Double Bill #06: Angel Heart & The Devil’s Advocate

What these two movies have in common is quite a lot actually. Most importantly, they have the world’s heavyweight champions in acting – Robert De Niro and Al Pacino – playing Satan, The Dark Prince, Beelzebub, or in the case of Angel Heart Louis Cyphre (as in ‘Lucifer’). Both movies are based on novels (by William Hjortsberg and Andrew Neiderman respectively) and both involve a handsome lead (Mickey Rourke and Keanu Reeves) and equally handsome female co-star (Lisa Bonet and Charlize Theron). And in both cases, the couple falls prey to the evil machinations of the Dark One, because the man sold his soul to the devil. Both movies also involve seductive, violent and frightening sex scenes. So far what they have in common, because the movies are very different beasts. Angel Heart is a slow, dark and moody film, a psychological horror that takes place in the voodoo and jazz scene of New Orleans, and has a few shocking moments of bloody death in store. The Devil’s Advocate, which was made ten years later in 1997, is big time Hollywood entertainment with terrific production design and the corporate world of New York as its main setting. The way Satan is portrayed is quite different as well. De Niro plays him small; he’s only in a few scenes, working on collecting a debt (singer Johnny Favorite sold his soul to him to become famous and then he disappeared). Pacino, as always, is the definite lead of the film, and goes all the way in his fierce and memorable performance. Final coincidental connection; the movie’s directors – Alan Parker and Taylor Hackford – made a few iconic hits in the eighties and nineties, but both disappeared from mainstream Hollywood cinema in the zeroes. Both Angel Heart and The Devil’s Advocate are definitely amongst the finest films they made.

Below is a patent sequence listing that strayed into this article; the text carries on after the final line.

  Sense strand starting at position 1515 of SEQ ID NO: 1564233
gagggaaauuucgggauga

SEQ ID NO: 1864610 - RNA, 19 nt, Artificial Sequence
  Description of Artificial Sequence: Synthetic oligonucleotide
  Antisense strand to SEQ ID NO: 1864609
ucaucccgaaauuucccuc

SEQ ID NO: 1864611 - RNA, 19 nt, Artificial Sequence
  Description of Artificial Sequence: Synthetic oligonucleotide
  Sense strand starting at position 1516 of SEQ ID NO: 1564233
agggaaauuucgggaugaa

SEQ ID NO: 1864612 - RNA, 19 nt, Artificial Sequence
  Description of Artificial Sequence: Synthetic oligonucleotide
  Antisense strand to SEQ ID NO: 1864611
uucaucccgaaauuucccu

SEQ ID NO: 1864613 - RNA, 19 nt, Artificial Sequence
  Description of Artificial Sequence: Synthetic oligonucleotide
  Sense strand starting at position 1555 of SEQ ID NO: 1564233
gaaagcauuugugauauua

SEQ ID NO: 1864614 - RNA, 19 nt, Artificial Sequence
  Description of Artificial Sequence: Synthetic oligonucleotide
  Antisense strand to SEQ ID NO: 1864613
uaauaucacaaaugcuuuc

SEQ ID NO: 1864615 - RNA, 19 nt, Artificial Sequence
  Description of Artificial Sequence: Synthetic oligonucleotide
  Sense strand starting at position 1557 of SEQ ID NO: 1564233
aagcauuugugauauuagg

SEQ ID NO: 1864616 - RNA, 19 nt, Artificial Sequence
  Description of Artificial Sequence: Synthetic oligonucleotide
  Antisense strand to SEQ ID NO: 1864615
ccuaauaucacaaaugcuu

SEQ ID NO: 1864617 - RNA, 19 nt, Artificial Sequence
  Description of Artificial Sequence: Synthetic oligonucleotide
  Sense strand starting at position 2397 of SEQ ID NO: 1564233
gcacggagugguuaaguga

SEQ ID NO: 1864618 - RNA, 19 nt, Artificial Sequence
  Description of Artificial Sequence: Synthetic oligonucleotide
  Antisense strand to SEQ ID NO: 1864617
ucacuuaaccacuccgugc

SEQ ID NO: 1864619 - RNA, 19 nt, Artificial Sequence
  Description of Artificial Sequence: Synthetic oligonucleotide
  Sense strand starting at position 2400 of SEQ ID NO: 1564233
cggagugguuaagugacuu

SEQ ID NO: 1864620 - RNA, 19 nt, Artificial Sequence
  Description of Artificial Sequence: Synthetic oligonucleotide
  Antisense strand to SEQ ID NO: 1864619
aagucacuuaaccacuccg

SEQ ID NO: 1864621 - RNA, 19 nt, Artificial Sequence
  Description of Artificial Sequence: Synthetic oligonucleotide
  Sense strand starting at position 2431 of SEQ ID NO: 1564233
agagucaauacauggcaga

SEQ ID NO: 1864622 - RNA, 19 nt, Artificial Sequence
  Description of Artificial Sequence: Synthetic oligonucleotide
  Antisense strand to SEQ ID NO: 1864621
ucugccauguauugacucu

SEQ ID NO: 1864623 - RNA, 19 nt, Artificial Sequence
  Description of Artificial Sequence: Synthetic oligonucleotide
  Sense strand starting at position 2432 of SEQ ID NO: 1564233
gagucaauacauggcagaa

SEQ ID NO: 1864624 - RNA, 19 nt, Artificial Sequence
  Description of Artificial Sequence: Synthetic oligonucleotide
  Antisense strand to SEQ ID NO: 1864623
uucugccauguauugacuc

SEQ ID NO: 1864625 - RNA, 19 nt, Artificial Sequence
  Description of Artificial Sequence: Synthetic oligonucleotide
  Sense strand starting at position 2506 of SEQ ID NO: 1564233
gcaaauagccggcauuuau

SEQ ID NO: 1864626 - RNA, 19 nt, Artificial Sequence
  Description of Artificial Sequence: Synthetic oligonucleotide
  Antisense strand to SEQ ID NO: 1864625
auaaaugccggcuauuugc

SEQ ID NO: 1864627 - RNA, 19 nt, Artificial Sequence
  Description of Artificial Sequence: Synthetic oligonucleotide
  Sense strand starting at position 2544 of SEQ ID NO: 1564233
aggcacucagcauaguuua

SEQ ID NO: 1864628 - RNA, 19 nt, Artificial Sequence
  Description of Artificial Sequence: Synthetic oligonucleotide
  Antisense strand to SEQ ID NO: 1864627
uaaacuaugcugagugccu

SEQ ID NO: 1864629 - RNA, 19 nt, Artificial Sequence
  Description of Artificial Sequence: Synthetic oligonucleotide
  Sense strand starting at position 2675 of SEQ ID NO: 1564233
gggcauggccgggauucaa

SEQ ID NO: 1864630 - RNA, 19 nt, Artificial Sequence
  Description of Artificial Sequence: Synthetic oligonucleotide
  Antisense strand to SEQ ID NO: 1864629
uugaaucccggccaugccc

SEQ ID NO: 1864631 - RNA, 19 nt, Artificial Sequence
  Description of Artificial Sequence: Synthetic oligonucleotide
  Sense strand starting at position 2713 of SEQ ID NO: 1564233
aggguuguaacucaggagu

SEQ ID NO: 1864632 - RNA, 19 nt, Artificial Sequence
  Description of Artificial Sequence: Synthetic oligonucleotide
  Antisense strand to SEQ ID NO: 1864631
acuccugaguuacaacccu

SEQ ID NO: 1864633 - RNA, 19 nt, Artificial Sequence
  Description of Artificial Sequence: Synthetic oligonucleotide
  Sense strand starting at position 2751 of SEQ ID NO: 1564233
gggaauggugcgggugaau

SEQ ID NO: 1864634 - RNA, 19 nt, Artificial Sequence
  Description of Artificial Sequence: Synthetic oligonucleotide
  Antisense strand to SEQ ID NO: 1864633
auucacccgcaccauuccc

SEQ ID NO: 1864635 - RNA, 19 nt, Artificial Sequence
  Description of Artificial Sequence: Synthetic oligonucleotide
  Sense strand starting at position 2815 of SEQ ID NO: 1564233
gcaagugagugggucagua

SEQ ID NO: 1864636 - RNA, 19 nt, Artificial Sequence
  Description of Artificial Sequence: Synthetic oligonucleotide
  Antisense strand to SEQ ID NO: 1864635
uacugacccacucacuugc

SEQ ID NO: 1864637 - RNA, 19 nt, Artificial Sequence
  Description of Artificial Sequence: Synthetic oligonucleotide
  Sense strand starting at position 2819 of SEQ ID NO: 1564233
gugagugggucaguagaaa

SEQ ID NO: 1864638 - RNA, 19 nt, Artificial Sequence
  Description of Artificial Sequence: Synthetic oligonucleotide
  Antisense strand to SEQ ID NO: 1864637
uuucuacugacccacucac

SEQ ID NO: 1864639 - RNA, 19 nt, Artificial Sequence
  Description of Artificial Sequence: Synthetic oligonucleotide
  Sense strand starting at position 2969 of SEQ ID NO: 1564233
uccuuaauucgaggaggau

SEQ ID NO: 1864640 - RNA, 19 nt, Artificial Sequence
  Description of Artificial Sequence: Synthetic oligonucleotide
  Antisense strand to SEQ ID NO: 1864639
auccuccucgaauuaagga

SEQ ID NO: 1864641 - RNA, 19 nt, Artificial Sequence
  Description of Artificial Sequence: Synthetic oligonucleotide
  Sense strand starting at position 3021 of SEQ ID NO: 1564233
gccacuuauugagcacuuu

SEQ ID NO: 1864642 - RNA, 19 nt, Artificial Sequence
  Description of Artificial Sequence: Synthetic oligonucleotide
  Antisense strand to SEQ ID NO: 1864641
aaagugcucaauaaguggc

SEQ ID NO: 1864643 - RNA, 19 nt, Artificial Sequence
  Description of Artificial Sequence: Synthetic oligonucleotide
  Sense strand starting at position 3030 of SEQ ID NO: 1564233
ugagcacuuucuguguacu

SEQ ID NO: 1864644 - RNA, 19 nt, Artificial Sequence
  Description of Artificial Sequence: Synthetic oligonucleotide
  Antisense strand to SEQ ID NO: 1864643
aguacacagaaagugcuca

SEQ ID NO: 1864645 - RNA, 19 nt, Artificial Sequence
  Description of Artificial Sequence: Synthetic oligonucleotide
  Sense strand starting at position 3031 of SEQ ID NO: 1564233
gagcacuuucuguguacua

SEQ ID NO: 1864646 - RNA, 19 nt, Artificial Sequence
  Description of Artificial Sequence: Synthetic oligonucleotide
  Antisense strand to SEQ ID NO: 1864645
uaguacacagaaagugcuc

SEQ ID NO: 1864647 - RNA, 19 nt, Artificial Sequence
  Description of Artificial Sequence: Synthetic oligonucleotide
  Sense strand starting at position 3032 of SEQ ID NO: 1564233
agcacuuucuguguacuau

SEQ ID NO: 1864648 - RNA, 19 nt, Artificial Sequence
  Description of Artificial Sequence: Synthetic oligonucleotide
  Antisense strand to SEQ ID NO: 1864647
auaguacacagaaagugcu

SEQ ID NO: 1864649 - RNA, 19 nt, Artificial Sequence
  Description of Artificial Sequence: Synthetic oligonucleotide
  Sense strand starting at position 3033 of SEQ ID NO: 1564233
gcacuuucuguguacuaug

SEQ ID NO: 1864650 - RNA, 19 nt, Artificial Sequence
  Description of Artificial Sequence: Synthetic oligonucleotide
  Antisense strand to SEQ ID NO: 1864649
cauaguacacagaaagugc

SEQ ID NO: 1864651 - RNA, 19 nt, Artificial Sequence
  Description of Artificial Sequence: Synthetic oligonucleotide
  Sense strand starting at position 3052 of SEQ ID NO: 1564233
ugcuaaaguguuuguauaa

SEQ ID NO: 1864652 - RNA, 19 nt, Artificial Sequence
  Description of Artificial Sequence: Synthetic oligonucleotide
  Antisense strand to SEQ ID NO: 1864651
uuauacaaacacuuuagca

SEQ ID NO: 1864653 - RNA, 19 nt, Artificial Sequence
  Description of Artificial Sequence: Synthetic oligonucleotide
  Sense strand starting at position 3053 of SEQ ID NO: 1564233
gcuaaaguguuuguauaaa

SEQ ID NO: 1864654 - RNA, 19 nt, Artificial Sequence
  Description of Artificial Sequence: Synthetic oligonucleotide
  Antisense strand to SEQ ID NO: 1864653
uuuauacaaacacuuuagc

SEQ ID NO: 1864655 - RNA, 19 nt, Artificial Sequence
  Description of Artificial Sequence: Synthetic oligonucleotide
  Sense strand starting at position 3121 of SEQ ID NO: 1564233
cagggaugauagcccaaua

Dungeon Classics #30: The Wild Bunch

FilmDungeon’s Chief Editor JK sorts through the Dungeon’s DVD-collection to look for old cult favorites….

The Wild Bunch (1969, USA)

Director: Sam Peckinpah
Cast: William Holden, Ernest Borgnine, Robert Ryan
Running Time: 145 mins.

Pike Bishop (William Holden) is an aging outlaw who runs a gang called the Wild Bunch in the new American West of 1913, a time of trains and automobiles in which they no longer seem to fit. They get ambushed during their latest score and flee to Mexico, while being hunted by bounty hunters led by one of their former gang members (Robert Ryan). Once in Mexico, they agree to rob a train and steal weapons for a corrupt general after which Pike plans to retire. But if you think the Wild Bunch will disappear quietly into the night, you’re in for a very noisy surprise! The Wild Bunch was controversial at the time for the graphic violence on display and immoral characters in the lead. This was new indeed and clearly an inspiration for filmmakers like Quentin Tarantino. The movie looks and feels very gritty and raw, and the bloody bullet festival in slow motion at the end is a masterful sequence: one of the all-time greatest scenes in cinema history! Fun trivia: actor Robert Ryan was constantly whining to director Peckinpah that he wanted first billing. The director punished him by listing him third on several horses’ asses.